LaTeX and MicroSoft Word

I’ve gotten used to using \LaTeX as my usual document preparation tool. However, many of the people I collaborate with are not into \LaTeX and would prefer that we use MicroSoft Word instead for drafts of manuscripts.

I had tried applying the latex2rtf package before to get a version of an existing manuscript into a form that Word would recognize. I failed completely; the translation simply didn’t work well.

Given a task of preparing a new manuscript, though, I decided to have another look at latex2rtf. I installed it on the MacBook Pro. That was simple, just a “make; make install” process at the command line. Then I started building my manuscript in TeXShop. I’d typeset the \LaTeX source, then apply latex2rtf to it.

What I can say is that the help available for latex2rtf is sparse. What there is indicates that one should stick to general and common features of \LaTeX. That is good advice.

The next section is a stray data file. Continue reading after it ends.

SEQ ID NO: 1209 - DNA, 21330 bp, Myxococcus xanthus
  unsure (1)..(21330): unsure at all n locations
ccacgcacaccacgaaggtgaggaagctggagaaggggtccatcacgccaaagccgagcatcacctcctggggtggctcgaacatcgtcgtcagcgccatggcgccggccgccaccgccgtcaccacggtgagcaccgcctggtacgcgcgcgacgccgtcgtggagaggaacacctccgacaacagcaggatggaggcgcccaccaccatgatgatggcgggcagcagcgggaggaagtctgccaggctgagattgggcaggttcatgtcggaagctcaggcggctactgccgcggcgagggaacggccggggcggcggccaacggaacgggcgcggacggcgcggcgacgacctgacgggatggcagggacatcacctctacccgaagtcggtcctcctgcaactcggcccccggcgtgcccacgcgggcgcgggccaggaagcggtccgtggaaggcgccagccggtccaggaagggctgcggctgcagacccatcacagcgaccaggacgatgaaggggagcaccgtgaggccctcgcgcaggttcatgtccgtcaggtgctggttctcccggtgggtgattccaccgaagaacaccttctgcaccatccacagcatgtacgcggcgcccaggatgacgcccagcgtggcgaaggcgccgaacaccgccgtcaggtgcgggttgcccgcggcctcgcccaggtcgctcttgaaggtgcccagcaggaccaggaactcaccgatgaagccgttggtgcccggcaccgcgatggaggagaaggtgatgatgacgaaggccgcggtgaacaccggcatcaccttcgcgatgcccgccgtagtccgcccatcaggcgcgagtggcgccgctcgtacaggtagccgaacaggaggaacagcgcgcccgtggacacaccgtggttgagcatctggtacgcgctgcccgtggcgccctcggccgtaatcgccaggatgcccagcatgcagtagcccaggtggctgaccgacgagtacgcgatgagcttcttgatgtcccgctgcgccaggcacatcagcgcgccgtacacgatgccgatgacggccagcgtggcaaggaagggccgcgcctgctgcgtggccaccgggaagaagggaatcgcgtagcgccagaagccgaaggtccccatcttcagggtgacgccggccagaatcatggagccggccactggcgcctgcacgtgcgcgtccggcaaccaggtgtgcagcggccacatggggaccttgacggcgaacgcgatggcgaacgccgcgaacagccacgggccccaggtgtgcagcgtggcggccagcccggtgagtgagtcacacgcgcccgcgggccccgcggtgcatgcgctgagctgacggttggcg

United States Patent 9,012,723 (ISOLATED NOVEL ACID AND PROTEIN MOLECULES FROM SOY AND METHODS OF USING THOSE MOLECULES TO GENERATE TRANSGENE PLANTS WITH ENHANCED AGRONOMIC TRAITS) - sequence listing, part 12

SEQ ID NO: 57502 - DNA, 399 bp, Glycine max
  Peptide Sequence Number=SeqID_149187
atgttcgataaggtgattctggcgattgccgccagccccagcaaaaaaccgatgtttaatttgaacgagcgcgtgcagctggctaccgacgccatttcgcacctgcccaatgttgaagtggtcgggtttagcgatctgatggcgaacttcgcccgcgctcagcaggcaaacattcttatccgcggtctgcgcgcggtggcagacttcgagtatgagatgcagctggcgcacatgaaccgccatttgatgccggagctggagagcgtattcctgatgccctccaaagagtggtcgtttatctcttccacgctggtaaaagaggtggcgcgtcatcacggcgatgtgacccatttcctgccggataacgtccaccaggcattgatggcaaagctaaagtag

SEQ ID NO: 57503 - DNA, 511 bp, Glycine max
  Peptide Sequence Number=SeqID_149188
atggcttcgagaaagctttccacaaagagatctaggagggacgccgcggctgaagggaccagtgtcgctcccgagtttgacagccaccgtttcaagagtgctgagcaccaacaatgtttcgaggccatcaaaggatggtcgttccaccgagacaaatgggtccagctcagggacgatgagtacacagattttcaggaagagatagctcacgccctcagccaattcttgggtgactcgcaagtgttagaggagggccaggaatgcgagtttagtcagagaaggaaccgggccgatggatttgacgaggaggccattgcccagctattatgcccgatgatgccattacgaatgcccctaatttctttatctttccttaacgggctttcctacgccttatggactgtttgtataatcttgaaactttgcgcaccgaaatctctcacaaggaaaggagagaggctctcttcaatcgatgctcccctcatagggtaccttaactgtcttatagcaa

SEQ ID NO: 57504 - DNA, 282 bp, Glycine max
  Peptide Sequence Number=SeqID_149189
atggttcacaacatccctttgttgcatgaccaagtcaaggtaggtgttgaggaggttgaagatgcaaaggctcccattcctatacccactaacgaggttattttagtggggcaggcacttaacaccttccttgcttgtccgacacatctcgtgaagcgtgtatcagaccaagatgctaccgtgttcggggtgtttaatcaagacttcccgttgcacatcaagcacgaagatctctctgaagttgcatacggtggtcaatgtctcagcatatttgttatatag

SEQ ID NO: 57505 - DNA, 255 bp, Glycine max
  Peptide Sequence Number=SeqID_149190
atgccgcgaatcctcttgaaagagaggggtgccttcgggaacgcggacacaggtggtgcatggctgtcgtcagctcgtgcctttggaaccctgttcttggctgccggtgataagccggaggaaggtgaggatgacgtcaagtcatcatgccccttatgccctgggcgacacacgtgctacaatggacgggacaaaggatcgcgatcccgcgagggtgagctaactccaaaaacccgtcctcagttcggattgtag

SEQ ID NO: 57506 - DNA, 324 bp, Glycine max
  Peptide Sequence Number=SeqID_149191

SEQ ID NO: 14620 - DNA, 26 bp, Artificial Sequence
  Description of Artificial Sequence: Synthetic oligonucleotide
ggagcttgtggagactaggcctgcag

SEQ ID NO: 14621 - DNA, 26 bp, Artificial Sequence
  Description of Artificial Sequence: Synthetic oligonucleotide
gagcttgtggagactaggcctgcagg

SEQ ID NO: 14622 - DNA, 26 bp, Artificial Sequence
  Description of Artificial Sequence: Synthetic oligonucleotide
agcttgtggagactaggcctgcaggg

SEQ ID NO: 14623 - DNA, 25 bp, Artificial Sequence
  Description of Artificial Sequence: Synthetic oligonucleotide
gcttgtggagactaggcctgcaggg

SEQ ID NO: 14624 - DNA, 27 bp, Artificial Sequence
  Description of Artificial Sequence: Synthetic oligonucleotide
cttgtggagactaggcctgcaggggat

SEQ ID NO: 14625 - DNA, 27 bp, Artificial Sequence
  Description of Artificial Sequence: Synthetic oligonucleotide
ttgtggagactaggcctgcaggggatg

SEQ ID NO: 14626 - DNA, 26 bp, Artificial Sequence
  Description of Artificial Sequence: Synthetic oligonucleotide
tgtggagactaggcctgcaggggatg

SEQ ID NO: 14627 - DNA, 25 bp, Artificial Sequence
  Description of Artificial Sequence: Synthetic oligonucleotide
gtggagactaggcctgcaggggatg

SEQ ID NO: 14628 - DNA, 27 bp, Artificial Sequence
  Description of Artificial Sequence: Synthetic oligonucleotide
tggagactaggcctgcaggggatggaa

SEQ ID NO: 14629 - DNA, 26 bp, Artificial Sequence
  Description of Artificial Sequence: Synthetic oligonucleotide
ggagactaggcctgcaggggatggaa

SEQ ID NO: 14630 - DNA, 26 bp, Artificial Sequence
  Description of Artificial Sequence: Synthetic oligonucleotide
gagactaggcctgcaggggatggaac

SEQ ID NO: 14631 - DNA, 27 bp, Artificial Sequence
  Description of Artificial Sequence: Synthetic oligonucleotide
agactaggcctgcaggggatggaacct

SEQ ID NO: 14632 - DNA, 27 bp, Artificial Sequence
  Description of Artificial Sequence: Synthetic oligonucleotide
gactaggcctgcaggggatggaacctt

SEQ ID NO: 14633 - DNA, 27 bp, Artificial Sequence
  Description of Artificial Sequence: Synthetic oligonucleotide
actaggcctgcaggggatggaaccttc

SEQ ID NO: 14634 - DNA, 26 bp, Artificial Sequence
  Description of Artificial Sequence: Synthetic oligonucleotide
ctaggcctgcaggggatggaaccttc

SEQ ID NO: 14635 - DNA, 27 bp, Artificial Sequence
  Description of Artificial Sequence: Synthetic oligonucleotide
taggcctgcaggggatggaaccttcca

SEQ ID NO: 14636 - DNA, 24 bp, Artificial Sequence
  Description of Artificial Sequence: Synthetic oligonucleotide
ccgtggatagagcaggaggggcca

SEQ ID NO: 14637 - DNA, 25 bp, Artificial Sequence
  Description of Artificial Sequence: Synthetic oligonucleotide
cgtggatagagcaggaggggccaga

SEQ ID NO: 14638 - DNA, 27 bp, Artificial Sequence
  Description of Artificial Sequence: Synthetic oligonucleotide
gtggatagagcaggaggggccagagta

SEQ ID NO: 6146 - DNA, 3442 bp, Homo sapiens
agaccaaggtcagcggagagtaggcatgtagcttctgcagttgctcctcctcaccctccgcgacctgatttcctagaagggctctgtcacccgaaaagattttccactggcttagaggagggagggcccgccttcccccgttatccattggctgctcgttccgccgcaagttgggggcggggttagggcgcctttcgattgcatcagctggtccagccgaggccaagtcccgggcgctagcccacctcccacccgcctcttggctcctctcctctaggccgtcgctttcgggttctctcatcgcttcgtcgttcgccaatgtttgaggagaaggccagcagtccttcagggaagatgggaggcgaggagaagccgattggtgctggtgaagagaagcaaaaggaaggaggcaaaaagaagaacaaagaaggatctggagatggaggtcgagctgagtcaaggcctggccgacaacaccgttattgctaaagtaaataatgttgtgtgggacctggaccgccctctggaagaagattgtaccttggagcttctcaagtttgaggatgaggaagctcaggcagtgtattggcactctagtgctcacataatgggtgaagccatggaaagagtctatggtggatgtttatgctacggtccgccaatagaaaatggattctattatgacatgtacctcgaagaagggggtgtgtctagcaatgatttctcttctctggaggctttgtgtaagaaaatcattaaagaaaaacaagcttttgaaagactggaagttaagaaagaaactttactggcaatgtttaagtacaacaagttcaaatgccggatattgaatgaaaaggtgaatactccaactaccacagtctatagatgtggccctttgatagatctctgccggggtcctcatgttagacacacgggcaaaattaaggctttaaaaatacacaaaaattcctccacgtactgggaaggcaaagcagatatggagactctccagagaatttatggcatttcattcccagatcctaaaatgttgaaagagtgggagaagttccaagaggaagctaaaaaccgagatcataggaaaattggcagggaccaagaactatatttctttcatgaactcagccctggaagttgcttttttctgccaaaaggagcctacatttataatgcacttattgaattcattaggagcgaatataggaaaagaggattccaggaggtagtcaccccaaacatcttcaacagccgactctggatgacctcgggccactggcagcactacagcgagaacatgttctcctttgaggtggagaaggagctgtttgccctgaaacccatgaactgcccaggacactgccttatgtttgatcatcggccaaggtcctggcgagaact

Some advice for latex2rtf, though, is misleading. It claims to pick up parameters from the statement for the “geometry” package. I tried changing my margins there, and while my \LaTeX document reflected those, the RTF I got did not. Also, I could include graphics, but they appeared without scaling in the RTF. After a while of Googling without result, I finally dug into the latex2rtf source code. That produced results.

To expand the width of text on the page, I ended up using the following:

\oddsidemargin 0.0in
\textwidth 6.5in

That worked for both the \LaTeX and RTF versions of the manuscript.

Instead of using an absolute size for included graphics, I found that if I used “[scale=0.45]” in my “includegraphics” call, that worked well enough for both document systems.

So far, I haven’t encountered a difficulty in having the equations carry over to RTF. This looks like it may actually work. I’ll have to figure out how to highlight differences in edited Word documents so that I can efficiently carry over edits to the \LaTeX source, but I’m hopeful that won’t be too difficult.

Wesley R. Elsberry

Falconer. Interdisciplinary researcher: biology and computer science. Photographer. Husband. Christian. Activist.